Popular fast-food chains are embracing the rise of artificial intelligence by integrating the technology into the drive-thru – and customers might not even be able to detect when they are talking to a computer.
Since the release of OpenAI’s chatbot ChatGPT last year, research labs in Silicon Valley have been racing to build comparable and more powerful systems. Amid the race and widespread attention surrounding the revolutionary tech, more companies and corporations have begun adding AI into their workflow, especially in the customer service industry.
This month, Wendy’s announced plans to “revolutionize the drive-thru experience with artificial intelligence” through a partnership with Google. The fast-food chain plans to launch its pilot program next month in the Columbus, Ohio, area that will employ Google Cloud’s AI technology that can speak with customers and take their orders.
“You won’t even know that it’s AI taking your order, but you’ll be talking to the voice of Wendy’s,” Wendy’s CEO Todd Penegor told Yahoo Finance Live this month.
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The chatbot will be able to have conversations with customers, generate answers to commonly asked questions, and most notably, understand how to take modified or special orders.
Thomas Kurian, CEO of Google Cloud, touted the announcement as one that “will set a new standard for great drive-thru experiences for the quick-service industry,” according to Wendy’s press release.
Generative artificial intelligence tools have already had a beneficial impact on customer service workers outside of the fast-food industry, boosting employee’s productivity and improving how customers treat the workers, according to a landmark study released last month.
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The National Bureau of Economic Research embarked on what is believed to be the first study on “the impact of generative AI when deployed at scale in the workplace.” The study, conducted by researchers at Stanford University and the Massachusetts Institute of Technology, examined more than 5,000 customer support agents across a year at a Fortune 500 software firm, and found workers’ productivity rose 13.8% on average when using conversational AI software.
Using the technology allowed employees to respond more quickly to customers, more successfully resolve issues and answer more customers than without using AI. It also led to improvements in how the workers were treated by customers and lessened the likelihood of customers requesting their issues be referred to a supervisor.
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For Hardee’s and Carl’s Jr., the fast-food chains have already implemented their own AI drive-thru tech, dubbed “Tori.” Tori was brought on to help speed up the drive-thru process for customers, and can even boost revenue for the fast-food companies.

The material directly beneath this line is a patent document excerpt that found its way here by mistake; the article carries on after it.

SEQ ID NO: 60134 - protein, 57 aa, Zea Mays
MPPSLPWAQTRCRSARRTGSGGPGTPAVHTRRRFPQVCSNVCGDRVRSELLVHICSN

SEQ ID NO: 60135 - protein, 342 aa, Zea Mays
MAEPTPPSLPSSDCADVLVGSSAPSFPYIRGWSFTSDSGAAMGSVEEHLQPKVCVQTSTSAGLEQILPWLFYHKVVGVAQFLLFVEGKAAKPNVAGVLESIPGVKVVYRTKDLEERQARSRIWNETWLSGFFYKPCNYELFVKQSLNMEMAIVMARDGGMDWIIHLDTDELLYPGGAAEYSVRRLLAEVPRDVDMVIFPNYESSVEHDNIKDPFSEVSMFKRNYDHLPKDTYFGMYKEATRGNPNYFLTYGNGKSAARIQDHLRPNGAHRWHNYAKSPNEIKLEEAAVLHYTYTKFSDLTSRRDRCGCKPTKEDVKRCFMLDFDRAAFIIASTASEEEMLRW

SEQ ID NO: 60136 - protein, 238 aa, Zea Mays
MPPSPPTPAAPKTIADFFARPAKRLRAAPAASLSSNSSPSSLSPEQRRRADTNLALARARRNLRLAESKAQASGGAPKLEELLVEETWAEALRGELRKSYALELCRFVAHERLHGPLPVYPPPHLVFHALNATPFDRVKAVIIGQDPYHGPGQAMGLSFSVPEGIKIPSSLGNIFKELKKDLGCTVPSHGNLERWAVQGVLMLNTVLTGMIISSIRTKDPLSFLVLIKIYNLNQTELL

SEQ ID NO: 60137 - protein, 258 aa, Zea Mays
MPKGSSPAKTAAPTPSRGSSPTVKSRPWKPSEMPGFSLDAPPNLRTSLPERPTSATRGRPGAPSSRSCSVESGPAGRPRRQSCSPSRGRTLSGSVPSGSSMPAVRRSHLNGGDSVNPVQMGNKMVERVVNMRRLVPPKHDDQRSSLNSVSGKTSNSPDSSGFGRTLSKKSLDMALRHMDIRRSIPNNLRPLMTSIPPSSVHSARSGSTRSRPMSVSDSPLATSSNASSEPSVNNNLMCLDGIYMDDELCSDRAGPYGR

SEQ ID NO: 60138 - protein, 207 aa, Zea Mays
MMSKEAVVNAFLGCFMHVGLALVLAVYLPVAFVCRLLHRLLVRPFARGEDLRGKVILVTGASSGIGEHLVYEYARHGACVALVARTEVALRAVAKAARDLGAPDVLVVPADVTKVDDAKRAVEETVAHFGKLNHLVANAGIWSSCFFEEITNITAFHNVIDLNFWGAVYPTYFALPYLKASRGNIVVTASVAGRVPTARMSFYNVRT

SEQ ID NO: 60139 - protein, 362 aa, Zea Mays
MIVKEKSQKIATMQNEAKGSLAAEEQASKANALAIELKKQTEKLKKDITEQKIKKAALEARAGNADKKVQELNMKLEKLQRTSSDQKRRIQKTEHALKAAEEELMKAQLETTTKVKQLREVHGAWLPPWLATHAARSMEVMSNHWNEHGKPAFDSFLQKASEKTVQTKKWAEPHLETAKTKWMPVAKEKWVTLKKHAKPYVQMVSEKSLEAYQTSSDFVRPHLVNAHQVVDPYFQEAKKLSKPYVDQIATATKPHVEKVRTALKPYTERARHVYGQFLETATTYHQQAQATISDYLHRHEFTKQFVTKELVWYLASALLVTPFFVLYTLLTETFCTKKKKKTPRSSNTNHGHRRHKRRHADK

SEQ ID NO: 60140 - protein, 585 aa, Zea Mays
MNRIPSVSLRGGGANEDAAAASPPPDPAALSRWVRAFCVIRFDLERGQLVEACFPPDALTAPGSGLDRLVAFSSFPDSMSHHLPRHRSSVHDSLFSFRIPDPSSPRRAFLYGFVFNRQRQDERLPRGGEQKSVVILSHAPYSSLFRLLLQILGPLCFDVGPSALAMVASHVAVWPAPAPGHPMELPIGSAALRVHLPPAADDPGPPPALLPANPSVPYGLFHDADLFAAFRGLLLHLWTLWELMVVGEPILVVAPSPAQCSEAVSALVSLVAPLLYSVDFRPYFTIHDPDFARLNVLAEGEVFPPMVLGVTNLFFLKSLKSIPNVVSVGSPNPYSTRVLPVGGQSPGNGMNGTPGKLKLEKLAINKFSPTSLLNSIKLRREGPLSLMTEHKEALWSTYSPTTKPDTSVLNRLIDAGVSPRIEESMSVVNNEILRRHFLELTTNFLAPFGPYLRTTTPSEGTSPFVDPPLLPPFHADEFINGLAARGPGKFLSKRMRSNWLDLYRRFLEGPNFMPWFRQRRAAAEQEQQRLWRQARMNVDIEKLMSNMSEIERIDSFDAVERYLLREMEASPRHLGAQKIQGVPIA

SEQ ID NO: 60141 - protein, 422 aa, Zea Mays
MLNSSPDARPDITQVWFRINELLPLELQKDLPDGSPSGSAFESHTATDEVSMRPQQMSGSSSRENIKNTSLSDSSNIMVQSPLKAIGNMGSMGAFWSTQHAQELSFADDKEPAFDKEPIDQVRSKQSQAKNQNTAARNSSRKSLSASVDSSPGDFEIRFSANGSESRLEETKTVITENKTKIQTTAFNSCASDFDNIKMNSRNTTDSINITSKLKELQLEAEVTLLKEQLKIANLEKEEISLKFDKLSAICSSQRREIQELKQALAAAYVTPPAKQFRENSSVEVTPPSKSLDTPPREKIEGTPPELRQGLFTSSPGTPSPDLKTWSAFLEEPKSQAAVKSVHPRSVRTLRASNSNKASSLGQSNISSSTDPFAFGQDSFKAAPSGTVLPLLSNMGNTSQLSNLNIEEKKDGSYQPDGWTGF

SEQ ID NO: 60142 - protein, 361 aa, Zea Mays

The technology has the ability to upsell customers, with a Hardee’s operator in Eau Claire, Wisconsin, saying “Tori’s” sales ability led to the fast-food location running out of apple pies during the tech’s first week on the job.
“We actually ran our distribution center out of apple pies the first week because Tori never misses an upsell opportunity,” Vice President of Northland Management Services Sam Munger told WEAU this week. “With upselling, she’s spot on every time. She’s extremely accurate, and you know it kind of depends on the vendor, but our particular one Tori is extremely personable, and Tori is very friendly.”
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Panera and Popeyes also announced last year they were teaming with OpenCity, the tech company behind “Tori,” to test the AI-powered tech for drive-thru orders.
McDonald’s already rolled out AI-powered drive-thru windows back in 2021 at a handful of locations in the Chicago area. In 2022, McDonald’s unveiled a fully-automated restaurant in Texas, where machines handle everything from taking orders to delivering them.
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Social media users, however, have taken to documenting the technology’s failures, including one TikTok user saying the AI-powered drive-thru mistakenly added eight sweet teas to her order, when she asked for one sweet tea, a Coke and hash browns.
As artificial intelligence grows in power and use, there has been some anxiety over the technology taking over jobs typically occupied by humans. A report from Goldman Sachs earlier this year found that generative AI could replace and affect 300 million jobs around the world. Another study from outplacement and executive coaching firm Challenger, Gray & Christmas found that ChatGPT could replace at least 4.8 million American jobs.
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Proponents of the technology argue it provides the opportunity to create completely new industries if it does in fact become more common across various businesses, while also improving the quality of life for human employees. Sam Altman, OpenAI’s CEO, argued earlier this year that ChatGPT should be seen as a “co-pilot” to professionals.